Another factor pressuring the bitcoin price comes from the behaviour of long-term holders. As seen in the chart below, since the bear market bottom in November 2021, the supply of LTH (defined here as coins held for 1+ years) steadily rose to a peak of 70.7% in November 2023 but declined once the price rose above $35K. It currently stands at 65.6%. This 5% drop may not sound like a big deal but it translates to over 980K BTC, so not a negligible amount of selling pressure by any means.


This phenomenon can also be seen on the long-term holder supply indicator, which is defined as the total amount of circulating supply held by addresses for 155 days or more. As it has been 172 days since the spot bitcoin ETF launched, they cannot be the source of the the LTH selling we have observed over previous months. Indeed, LTH's selling actually coincided with the launch of the spot bitcoin ETFs as shown in the chart below.

At the same time, it's important to note that there is nothing unusual about this pattern as those holding coins for the long term (often through a crushing bear correction) will decide to cash out for some profit or at break even. This is a fundamental aspect of market psychology.

Negative sentiment is being fuelled by one-off events

As crypto markets are significantly influenced by news stories that impact the mood and opinions of the community, media, and investors, sentiment analysis cannot be ignored when trying to make sense of market movements. Here, there have been several news items that have come to weigh on sentiment in typical 'sell the news' fashion, not least of which was the story that Mt. Gox creditors are set to receive 142K bitcoin (almost $9 billion at current prices) which could spark a wave of selling pressure in July. According to a JP Morgan study, the danger of a sell-off is significant and would be consistent with the recent behaviour of Gemini creditors which are assumed to have liquidated part of their crypto assets received in recent weeks.

Adding to the negativity were reports from June 25 that the German government transferred some $425 million in confiscated bitcoin to centralised exchanges Kraken and Coinbase as part of efforts to finally offload a major chunk of the 50,000 bitcoin seized by the German Federal Criminal Police Office (BKA) in 2013 from a piracy website.

Finally, while there remains some doubt as to the precise nature of the selling both by the German government and the Mt. Gox disbursements, there is considerable data to suggest that miner selling has definitively added to the diverse sources of bitcoin selling pressure. According to CryptoQuant data, miner reserves recently dropped to lows not seen since 2021, but this is not atypical as they continue to make financial adjustments post-halving.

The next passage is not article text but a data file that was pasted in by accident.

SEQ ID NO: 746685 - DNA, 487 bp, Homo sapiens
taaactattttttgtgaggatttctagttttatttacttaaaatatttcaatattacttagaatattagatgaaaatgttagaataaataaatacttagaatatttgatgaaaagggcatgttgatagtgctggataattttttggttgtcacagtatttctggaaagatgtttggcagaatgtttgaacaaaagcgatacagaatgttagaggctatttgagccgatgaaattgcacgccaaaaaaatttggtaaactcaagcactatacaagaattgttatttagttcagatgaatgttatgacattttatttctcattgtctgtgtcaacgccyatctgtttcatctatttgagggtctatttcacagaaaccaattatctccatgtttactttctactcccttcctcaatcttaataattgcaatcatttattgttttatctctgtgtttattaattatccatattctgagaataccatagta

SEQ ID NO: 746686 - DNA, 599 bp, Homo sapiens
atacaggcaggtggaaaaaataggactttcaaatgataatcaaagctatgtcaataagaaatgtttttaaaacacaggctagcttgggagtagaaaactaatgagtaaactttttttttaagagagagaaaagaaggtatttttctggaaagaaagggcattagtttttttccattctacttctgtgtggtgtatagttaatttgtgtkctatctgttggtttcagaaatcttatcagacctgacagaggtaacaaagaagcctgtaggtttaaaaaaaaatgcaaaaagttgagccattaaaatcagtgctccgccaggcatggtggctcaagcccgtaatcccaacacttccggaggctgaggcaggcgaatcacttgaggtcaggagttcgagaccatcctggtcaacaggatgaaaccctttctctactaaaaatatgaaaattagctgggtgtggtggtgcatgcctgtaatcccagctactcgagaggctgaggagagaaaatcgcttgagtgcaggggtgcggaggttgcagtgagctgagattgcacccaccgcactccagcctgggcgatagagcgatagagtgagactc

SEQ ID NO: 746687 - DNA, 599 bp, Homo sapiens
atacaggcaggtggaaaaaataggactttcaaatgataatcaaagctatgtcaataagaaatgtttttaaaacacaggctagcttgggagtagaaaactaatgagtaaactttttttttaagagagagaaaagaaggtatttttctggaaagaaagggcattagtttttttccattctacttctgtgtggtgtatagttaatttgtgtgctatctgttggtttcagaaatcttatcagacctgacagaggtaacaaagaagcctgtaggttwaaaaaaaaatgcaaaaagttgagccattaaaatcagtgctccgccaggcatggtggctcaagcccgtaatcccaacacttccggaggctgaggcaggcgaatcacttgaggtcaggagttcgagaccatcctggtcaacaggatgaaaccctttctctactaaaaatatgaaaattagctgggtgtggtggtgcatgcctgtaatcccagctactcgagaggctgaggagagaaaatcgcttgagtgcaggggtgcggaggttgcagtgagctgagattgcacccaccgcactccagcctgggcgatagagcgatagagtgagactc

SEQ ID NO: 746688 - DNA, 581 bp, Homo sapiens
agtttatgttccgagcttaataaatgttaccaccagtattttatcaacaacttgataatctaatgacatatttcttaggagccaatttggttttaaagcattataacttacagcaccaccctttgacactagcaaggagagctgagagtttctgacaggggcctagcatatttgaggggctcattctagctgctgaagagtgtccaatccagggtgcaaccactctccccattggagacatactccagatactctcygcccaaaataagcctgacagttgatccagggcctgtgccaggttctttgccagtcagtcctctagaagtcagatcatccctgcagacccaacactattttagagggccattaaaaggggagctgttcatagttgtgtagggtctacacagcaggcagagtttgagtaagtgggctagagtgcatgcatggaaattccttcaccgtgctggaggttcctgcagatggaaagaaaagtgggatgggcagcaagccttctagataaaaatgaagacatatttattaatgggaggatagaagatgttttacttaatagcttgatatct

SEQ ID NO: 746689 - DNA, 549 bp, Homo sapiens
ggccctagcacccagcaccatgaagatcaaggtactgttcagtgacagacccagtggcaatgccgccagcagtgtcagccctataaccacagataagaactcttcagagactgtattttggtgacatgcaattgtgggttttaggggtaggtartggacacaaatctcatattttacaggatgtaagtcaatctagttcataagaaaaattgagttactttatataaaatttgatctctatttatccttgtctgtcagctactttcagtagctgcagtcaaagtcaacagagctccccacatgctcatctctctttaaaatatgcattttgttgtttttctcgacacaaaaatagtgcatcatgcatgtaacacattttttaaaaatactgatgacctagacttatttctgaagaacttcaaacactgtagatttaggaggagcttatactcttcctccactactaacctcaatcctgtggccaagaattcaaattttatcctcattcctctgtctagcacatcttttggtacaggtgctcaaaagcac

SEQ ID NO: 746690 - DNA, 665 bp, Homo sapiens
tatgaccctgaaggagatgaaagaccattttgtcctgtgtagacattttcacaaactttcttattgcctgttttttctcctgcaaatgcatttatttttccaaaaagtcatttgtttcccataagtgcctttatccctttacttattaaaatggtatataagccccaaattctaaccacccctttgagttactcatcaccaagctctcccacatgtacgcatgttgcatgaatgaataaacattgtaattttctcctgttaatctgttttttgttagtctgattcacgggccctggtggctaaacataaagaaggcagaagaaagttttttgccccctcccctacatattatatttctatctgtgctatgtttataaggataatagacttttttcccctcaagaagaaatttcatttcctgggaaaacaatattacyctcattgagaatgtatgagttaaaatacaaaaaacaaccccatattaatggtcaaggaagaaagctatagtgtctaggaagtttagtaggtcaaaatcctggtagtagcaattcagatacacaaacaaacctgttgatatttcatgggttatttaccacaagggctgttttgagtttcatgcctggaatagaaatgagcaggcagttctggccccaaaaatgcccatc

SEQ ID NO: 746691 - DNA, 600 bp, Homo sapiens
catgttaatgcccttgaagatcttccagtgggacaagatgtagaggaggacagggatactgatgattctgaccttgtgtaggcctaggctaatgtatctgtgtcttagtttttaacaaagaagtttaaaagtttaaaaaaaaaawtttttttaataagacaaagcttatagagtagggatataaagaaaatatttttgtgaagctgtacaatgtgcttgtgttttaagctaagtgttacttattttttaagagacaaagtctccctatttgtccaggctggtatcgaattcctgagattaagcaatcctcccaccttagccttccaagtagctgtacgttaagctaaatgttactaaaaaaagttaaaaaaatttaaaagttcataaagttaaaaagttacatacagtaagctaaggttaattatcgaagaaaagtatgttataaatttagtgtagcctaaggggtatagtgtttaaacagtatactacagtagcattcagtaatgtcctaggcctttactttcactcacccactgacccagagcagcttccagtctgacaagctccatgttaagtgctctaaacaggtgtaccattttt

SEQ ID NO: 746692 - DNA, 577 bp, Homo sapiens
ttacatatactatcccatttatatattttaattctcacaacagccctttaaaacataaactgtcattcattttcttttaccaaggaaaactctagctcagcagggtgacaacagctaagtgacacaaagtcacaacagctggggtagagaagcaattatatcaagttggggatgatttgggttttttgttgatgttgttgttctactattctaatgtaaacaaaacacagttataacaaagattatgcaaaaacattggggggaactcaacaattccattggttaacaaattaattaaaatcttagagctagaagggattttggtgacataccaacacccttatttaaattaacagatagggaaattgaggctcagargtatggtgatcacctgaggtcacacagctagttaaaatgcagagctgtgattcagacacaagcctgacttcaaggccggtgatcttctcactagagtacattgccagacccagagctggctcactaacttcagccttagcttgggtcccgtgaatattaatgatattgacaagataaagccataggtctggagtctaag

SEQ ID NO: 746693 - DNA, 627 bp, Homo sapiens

Despite multifaceted selling pressure, the bull market will roll on

As laid out, it's clear that the selling pressure keeping bitcoin from moving higher has been multifaceted in nature. Despite this, we're already starting to see the bottoming out of LTH selling, and the lack of ETF flows is highly likely to be temporary as the rising acceptance of investment-grade products by mainstream firms and RIAs underscore bitcoin's bona fides as an asset class. At the same time, the clear trend in corporate treasury purchases is emerging as a major demand factor in an equally multifaceted picture of bullish drivers which, on the balance of probabilities, looks likely to provide the necessary momentum to propel bitcoin well beyond the resistance at 72-74K before this bull cycle is over.



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Disclaimer: The information contained within is for educational and informational purposes ONLY. Any commentary provided is the opinion of the author and should not be considered a personalised recommendation. The information contained within should not be a person's sole basis for making an investment decision. Please contact your financial professional before making an investment decision. No commercial relationships or partnerships exist with any of the technology providers, manufacturers, or suppliers herein.